Poiret followed modernity only so far. By the mid 1920s Chanel was designing convenient, understated clothes for women enjoying an increased sense of physical and social freedom in the wake of World War I. But Poiret ignored the shorter skirts and trimmer lines and continued enveloping women in luxurious garments that began to look cumbersome.

the following books on Poiret are available at www.ftn-books.com

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Chris Ware (1967)

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Last week i have withdrawn all my Chris Ware items ( except for a Beau Hunks cd) from http://www.ftn-books.com.

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Not because of any controversial text or offending drawing , but because i had  so many beautiful publications collected over the years that it was time to start my own Chris Ware collection(again). My first encounter with Ware his drawings was at the galerie Lambiek in Amsterdam . At that occasion Ware was presented together with Henk Kuijpers. Of course no funds to buy, but from that moment i admired and started collecting Ware his publications. Some 15 years ago i decided to sell all, but now i have changed my mind and will start collecting again. Chris Ware is truly one of the greatest of them all.

 

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Geurt van Dijk (1941)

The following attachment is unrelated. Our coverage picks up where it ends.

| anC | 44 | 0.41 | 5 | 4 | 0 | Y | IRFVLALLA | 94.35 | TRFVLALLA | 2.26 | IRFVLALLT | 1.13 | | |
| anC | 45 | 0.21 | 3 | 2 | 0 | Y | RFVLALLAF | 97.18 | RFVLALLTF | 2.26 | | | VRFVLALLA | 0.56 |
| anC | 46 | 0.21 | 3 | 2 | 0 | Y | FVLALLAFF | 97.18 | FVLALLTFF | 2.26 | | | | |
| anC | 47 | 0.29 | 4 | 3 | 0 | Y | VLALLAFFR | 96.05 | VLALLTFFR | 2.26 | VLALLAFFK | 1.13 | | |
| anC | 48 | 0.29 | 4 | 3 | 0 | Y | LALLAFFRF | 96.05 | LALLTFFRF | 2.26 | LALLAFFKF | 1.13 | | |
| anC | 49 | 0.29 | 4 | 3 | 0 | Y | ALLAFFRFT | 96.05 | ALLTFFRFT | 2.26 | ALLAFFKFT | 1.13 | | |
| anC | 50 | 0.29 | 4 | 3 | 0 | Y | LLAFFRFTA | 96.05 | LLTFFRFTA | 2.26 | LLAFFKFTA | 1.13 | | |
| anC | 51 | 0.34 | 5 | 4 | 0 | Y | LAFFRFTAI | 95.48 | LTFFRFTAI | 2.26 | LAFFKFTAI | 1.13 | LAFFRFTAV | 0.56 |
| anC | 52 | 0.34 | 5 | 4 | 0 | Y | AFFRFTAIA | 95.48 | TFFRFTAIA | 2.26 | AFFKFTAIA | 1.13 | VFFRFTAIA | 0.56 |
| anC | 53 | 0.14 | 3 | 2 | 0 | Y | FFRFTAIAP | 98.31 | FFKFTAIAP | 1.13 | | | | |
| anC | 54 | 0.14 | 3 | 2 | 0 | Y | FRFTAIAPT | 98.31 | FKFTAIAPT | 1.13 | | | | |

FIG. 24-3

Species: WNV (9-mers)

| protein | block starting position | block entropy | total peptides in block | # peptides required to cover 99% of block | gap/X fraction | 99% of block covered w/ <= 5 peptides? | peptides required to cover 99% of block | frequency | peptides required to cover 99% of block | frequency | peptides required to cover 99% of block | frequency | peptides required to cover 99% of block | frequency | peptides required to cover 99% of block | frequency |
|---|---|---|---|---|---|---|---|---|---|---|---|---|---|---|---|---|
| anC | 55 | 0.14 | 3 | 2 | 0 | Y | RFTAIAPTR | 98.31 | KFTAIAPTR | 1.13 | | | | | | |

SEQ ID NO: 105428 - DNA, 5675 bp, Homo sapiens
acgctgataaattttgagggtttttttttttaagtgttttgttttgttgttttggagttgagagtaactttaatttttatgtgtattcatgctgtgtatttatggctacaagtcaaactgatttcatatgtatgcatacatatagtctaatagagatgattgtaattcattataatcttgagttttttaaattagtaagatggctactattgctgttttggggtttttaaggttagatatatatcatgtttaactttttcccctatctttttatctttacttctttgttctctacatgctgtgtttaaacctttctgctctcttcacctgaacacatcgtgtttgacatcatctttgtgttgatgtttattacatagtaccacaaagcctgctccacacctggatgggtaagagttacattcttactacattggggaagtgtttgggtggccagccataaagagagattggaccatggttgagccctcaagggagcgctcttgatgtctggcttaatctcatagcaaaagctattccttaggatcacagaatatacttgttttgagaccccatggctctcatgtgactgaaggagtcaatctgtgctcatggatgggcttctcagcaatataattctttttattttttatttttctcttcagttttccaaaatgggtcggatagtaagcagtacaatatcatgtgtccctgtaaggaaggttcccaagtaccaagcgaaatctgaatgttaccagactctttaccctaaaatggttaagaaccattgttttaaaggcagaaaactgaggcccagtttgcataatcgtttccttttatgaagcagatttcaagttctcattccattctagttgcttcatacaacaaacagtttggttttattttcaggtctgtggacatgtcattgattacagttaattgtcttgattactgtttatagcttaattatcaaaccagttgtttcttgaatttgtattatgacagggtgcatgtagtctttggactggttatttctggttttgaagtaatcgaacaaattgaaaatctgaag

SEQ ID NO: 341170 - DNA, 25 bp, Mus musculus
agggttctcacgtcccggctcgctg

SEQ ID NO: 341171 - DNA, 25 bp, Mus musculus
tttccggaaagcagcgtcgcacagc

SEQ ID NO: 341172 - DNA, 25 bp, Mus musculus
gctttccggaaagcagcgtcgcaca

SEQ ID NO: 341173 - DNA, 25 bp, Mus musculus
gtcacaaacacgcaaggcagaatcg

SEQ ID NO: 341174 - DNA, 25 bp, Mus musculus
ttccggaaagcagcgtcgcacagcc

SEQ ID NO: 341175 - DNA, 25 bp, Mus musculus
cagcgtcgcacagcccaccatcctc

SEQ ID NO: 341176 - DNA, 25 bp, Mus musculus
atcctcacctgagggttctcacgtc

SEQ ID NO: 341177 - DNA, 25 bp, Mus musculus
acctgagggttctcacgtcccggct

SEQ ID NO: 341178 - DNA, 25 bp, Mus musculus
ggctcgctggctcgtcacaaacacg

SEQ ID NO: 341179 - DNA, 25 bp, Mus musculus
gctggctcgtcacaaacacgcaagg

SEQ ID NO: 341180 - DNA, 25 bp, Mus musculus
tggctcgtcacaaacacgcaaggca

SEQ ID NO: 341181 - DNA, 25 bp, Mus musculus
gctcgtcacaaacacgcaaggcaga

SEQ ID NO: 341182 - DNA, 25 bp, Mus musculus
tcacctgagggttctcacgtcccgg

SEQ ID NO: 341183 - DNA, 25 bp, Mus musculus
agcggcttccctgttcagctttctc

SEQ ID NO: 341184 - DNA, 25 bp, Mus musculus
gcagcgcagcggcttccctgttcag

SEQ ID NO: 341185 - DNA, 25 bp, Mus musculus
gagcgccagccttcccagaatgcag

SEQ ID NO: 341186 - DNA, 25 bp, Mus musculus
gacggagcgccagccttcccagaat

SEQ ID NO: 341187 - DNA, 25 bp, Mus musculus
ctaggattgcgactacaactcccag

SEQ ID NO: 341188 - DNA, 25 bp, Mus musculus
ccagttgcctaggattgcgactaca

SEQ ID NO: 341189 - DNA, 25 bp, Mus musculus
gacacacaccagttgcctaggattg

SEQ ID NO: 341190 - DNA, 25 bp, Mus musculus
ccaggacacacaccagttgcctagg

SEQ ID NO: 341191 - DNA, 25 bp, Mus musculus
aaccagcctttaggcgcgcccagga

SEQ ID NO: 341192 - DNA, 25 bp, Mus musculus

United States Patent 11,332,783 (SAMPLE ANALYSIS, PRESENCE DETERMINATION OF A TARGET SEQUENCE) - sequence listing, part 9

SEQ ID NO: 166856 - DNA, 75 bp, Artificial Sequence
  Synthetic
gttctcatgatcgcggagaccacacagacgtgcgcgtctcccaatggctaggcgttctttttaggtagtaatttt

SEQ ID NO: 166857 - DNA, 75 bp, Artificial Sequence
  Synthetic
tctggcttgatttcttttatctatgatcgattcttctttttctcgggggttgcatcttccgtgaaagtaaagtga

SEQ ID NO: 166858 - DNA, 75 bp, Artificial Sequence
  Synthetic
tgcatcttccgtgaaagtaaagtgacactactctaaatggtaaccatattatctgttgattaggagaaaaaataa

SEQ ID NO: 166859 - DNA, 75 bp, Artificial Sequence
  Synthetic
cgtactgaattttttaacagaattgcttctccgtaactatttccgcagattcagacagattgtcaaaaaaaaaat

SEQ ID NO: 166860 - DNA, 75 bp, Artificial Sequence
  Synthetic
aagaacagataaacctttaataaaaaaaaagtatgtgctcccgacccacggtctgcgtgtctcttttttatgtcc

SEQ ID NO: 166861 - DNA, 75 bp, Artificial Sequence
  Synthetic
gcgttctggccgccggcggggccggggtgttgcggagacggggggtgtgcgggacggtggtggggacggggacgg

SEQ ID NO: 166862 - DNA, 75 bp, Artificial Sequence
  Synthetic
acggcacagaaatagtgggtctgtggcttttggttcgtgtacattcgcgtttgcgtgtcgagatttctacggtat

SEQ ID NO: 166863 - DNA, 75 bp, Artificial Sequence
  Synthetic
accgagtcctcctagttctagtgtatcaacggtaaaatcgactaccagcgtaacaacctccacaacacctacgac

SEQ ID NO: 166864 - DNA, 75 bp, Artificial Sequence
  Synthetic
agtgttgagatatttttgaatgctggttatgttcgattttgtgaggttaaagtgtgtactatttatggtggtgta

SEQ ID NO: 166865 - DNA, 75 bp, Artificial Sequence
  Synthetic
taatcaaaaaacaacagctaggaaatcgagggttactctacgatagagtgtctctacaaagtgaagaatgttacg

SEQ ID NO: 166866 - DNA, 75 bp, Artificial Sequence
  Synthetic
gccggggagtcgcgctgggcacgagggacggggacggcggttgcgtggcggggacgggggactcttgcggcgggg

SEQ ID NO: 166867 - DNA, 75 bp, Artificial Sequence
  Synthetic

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Maybe not as known as many of his contemporaries, but still known by those who specialize in small and scarce publications. I stumbled upon van Dijk and his publications some 10 years ago when i discovered 2 small publications published by the Brummelse Uitgeverij voort luxe werkjes. Both titled ” VARKENSLAPPEN ” but with a difference.

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One published as a small book. the other in an envelope containig the illustrations as postcards. I tried to find moer information on bot of these publications , but only found that the van Dijk publications are publisehd in very small editrions of around 30 copies.

Both are published by the BRUMMELSE UITGEVERIJ VOOR LUXE WERKJES in 1977 and both are now for sale at www.ftn-books.com

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Niek Kemps (1952)

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Niek Kemps has been a part of the international art scene since the eighties. The artist wants to stimulate the spectator with his conceptual work, to process images in a different way; a statement about the attention span of modern day society and the accompanying image culture. Kemps’ work is like a laboratory, wherein he does both substantial as visual research to the social and cultural context, and how this relates to image, space, contemporary art and the concept of ‘museum’.

Sculpture becomes space, space becomes museum. A museological space can take diverse appearances: whether it’s static, collapsed, moving, hidden or even virtual. In his work, the artist questions, among other things, the more traditional configuration of the museum. From the need for a funded complexity, he analyses the different connotations, and this from a philosophical and visual stand point. In doing so, Kemps researches the impact of a full virtualization of the museological existence, wherein a virtual (read: fictional) museum merely displays digital work.